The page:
The Vision of Children Foundation aims to cure hereditary childhood blindness and vision disorders. Since 1991, we have funded scientists around the world, focusing on several approaches to healing the vision pathways, including induced adult stem cells, genetic reprogramming, and a medication trial with humans. Knowledge about genetic eye diseases has increased dramatically, and treatments and cures are within reach. But more funding is needed for research to give children the gift of sight.
There are many causes of blindness and vision disorders. Most vision research funds and the health community focus on decreasing the incidence of blindness that is preventable because it is caused by malnutrition, diseases and premature birth. However, inherited eye diseases caused by rare genetic defects that are passed on by the mother or father lead to more than 60 percent of cases of blindness among infants. Research on such rare eye disorders have traditionally been under-funded.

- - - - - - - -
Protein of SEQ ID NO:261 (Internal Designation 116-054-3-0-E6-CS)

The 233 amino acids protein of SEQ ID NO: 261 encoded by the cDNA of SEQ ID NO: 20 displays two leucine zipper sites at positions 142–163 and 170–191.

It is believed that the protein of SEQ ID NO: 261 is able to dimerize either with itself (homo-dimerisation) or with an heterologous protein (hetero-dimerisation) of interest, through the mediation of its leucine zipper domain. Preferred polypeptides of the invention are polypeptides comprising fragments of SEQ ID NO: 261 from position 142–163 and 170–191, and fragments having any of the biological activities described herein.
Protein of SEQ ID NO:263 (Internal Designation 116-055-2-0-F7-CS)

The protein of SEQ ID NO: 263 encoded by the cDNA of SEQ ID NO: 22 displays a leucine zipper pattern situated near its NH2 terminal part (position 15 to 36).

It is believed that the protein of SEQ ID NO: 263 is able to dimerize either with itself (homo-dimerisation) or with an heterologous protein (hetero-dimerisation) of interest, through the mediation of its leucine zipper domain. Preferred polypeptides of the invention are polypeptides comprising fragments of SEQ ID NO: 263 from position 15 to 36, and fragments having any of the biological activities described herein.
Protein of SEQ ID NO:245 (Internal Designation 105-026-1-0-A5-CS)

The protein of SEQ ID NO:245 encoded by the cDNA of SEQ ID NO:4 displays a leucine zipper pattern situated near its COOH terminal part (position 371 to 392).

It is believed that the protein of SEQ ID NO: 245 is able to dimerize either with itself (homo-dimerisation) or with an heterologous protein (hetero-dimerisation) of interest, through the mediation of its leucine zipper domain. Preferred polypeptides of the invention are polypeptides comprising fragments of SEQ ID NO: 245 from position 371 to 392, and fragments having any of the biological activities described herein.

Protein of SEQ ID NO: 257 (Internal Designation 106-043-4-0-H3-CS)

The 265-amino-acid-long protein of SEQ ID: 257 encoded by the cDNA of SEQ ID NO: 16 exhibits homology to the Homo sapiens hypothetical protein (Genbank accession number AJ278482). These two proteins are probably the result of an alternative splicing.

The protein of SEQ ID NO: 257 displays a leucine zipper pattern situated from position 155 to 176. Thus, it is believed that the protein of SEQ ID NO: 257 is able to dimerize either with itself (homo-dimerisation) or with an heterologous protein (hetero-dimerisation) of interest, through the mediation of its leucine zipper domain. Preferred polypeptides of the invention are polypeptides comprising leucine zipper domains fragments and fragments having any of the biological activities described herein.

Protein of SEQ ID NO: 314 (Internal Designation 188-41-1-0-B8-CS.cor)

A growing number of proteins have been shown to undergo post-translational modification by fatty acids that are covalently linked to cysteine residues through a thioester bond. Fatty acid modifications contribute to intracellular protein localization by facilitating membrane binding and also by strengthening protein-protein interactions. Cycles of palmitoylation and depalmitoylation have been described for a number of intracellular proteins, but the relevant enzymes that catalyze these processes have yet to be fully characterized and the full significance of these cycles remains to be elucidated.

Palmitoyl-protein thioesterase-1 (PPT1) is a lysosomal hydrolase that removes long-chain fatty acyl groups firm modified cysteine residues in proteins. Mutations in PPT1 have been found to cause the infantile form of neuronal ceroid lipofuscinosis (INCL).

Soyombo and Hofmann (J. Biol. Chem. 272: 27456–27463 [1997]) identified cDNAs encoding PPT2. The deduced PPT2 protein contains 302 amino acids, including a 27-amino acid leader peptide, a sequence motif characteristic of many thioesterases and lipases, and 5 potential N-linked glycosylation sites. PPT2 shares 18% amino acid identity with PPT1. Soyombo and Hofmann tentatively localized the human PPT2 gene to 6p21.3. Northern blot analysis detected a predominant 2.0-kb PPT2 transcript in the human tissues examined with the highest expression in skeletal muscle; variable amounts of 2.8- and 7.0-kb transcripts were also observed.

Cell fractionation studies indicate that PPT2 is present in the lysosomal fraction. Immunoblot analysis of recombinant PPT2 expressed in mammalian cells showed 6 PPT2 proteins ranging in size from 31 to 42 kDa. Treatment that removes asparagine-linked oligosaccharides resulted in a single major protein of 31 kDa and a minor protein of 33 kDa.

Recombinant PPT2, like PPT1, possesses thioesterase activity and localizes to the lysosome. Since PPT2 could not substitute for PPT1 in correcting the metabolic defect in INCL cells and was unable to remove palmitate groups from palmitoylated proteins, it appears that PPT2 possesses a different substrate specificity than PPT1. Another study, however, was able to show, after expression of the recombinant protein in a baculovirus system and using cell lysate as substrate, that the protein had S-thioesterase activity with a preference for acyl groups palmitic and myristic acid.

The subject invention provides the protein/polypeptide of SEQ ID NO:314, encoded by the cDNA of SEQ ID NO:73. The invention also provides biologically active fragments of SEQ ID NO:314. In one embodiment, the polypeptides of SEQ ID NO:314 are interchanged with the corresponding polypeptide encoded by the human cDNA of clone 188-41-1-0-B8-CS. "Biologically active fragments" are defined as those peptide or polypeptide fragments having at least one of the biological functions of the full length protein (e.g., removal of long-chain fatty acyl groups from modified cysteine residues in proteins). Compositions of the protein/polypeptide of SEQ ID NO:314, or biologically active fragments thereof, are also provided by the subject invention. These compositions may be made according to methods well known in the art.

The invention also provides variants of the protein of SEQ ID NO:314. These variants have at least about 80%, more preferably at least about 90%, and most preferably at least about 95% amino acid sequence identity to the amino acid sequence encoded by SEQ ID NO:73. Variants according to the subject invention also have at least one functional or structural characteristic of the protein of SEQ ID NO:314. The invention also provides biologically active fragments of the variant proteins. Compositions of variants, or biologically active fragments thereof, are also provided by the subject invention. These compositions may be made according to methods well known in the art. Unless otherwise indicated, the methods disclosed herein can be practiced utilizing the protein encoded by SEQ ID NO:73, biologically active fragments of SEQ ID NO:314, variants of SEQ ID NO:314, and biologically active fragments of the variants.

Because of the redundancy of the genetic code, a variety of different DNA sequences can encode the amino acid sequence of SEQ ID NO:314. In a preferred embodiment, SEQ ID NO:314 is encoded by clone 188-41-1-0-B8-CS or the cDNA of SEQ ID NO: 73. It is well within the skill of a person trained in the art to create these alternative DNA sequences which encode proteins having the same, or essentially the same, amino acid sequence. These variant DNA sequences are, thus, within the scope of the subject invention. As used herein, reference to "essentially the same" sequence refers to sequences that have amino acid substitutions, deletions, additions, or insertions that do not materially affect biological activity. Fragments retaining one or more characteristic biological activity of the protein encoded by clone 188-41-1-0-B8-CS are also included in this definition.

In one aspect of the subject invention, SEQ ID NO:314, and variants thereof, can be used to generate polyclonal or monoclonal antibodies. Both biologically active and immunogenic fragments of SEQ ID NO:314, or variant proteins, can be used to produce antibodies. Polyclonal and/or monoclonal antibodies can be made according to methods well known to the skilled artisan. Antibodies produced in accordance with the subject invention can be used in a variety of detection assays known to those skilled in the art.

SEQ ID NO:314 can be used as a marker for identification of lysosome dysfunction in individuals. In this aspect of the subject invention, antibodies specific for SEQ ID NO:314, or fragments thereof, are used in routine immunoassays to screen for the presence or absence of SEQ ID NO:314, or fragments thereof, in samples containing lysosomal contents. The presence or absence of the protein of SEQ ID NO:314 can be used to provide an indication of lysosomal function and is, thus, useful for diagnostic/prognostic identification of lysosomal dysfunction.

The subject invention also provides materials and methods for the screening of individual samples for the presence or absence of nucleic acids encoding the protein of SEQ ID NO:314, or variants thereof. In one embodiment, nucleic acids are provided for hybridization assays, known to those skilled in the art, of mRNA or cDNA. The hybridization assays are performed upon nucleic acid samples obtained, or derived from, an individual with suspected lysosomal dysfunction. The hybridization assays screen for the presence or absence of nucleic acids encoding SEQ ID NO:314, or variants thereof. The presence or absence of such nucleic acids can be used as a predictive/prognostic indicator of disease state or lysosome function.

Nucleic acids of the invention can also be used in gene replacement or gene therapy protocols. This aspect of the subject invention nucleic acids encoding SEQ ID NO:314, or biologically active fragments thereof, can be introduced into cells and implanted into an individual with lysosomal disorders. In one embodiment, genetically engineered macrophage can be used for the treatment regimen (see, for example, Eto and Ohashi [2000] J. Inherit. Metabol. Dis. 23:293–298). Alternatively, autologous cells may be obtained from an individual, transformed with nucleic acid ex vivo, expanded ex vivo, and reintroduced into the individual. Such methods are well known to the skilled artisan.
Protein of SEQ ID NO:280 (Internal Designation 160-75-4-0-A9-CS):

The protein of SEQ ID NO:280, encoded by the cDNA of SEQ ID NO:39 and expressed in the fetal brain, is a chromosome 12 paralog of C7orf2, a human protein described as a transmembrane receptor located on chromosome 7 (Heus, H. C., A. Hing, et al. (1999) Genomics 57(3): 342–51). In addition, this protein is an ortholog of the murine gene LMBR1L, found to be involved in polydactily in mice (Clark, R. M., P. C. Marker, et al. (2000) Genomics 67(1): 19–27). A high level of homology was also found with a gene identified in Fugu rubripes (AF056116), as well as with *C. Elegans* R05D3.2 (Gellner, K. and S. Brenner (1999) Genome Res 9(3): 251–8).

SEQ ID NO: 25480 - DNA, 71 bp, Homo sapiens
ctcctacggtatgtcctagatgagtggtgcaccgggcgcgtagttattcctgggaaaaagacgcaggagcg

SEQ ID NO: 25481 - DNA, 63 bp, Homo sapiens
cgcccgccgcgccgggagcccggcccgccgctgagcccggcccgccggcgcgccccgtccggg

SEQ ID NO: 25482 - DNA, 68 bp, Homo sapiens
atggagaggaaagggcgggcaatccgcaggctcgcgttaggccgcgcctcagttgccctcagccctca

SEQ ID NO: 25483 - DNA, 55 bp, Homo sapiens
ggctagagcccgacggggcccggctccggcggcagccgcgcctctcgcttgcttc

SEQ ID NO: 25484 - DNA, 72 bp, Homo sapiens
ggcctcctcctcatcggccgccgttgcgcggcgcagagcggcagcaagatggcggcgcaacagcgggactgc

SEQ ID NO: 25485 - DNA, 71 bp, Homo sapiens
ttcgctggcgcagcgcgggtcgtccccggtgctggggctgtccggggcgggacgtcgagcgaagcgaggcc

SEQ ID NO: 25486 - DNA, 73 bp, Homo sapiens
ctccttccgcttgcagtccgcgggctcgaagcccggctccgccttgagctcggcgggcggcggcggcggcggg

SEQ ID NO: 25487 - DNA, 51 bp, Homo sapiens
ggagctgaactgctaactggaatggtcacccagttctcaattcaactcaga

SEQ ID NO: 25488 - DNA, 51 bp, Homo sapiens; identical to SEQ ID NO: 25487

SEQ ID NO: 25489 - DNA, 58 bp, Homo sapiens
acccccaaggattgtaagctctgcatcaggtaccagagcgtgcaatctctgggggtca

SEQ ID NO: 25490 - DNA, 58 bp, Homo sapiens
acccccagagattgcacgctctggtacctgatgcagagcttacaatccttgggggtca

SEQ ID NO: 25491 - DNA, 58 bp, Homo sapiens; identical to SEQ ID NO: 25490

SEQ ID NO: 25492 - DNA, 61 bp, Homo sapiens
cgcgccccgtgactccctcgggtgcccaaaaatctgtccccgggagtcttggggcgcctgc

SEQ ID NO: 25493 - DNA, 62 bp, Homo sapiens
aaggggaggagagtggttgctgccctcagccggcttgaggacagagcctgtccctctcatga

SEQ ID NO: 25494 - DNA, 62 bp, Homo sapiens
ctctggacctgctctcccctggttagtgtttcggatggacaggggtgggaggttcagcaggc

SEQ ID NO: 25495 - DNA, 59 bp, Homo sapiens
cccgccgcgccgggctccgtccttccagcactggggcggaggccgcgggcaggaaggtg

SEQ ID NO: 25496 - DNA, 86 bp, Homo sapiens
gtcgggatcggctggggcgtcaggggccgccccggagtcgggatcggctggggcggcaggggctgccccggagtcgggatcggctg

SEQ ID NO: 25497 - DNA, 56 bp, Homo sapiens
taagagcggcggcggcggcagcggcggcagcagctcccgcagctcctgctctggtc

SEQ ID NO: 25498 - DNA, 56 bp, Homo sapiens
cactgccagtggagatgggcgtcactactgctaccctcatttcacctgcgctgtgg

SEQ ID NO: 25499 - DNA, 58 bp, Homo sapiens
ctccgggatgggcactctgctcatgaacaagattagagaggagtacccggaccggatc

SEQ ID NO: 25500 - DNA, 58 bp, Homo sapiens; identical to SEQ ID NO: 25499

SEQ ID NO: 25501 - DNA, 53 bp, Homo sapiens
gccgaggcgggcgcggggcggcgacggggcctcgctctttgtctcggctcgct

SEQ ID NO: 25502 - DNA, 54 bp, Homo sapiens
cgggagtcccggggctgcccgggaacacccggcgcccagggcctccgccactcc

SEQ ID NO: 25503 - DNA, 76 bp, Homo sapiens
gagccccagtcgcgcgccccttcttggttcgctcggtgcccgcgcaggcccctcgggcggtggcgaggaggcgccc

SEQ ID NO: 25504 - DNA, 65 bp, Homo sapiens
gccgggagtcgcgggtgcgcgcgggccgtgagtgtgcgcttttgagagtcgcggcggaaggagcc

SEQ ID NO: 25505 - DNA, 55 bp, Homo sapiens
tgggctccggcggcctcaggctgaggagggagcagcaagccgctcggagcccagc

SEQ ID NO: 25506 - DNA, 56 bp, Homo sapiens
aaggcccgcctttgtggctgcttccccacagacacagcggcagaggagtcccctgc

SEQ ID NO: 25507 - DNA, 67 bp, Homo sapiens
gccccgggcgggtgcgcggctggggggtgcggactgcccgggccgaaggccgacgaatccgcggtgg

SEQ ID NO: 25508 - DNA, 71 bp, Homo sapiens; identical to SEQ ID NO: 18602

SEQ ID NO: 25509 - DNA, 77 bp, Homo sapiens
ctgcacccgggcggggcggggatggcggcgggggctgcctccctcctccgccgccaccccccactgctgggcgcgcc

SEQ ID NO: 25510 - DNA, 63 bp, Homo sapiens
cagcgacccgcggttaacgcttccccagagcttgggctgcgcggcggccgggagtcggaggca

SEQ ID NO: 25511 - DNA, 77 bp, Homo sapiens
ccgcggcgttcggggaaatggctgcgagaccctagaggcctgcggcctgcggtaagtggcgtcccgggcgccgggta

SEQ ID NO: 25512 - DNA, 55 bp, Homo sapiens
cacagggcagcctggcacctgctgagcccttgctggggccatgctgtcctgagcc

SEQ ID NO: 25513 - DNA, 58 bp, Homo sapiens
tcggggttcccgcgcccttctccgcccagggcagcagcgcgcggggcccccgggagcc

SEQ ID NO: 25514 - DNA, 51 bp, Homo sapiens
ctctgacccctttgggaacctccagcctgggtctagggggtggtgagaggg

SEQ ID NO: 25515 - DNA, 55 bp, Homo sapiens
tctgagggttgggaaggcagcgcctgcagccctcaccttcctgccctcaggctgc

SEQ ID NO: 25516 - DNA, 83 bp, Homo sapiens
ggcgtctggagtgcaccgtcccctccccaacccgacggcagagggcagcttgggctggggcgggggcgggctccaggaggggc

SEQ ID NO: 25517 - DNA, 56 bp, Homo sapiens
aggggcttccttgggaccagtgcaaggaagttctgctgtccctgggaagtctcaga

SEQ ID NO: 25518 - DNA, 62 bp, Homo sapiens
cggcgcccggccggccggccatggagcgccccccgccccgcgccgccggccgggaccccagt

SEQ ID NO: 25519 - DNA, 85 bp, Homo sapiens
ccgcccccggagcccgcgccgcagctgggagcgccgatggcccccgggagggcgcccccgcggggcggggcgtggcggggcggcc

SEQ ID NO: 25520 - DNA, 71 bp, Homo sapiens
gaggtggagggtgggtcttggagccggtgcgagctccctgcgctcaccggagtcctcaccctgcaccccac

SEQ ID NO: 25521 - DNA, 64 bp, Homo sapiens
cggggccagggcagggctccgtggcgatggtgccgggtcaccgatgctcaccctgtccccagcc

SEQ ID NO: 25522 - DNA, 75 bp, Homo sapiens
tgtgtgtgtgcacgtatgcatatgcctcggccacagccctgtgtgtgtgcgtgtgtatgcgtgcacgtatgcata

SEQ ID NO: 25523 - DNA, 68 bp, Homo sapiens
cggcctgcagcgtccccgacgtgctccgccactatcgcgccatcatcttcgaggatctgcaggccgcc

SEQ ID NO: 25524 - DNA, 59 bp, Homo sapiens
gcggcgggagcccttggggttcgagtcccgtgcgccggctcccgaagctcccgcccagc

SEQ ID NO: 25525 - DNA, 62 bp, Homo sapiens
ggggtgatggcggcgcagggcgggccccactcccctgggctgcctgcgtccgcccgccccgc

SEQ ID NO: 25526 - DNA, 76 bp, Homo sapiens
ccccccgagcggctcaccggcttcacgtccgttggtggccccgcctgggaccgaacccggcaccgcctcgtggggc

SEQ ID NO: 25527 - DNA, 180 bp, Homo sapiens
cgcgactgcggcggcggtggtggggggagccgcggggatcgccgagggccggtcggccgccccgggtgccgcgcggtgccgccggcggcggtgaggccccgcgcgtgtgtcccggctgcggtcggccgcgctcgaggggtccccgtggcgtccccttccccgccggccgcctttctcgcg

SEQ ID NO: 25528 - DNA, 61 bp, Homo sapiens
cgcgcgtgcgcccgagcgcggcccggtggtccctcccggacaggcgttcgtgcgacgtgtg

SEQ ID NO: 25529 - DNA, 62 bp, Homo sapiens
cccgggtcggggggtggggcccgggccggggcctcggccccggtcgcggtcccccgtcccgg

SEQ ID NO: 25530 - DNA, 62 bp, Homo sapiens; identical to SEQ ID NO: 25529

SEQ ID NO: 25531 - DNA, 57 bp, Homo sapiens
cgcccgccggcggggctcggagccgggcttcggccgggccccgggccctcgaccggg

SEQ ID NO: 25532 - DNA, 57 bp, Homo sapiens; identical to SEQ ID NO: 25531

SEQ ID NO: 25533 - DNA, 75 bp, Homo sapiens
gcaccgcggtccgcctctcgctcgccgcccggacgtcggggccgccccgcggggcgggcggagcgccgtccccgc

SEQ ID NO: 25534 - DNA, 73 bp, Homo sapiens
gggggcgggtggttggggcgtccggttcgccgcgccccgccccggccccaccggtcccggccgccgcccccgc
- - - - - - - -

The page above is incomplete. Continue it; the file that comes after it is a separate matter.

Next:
Vision of Children encourages the study of and funds research on a variety of genetic eye diseases, such as ocular albinism, oculocutaneous albinism, nystagmus, myopia and blue cone monochromacy. Studies that focus on understanding the cause and structure of genetically caused eye diseases will lead to better understanding, treatments and cures for many eye disorders. Our researchers are driving science to the horizon of actually restoring vision to children who cannot see properly.
Globally, there are estimated to be 285 million people with visual impairments, of which 19 million are children. Many of them are born with uncorrectable hereditary eye disorders that severely impair their vision and have a devastating impact on their quality of life. With recent advances in molecular genetic techniques, new genes that cause eye disease are being identified. At the same time, groundbreaking research to find treatment and cures can make a lasting impact on millions of children.
This project has provided additional documentation in a PDF file (projdoc.pdf).
Jeremy Poincenot, VOC Vision Hero Ambassador
Legally blind teen shares her vision through art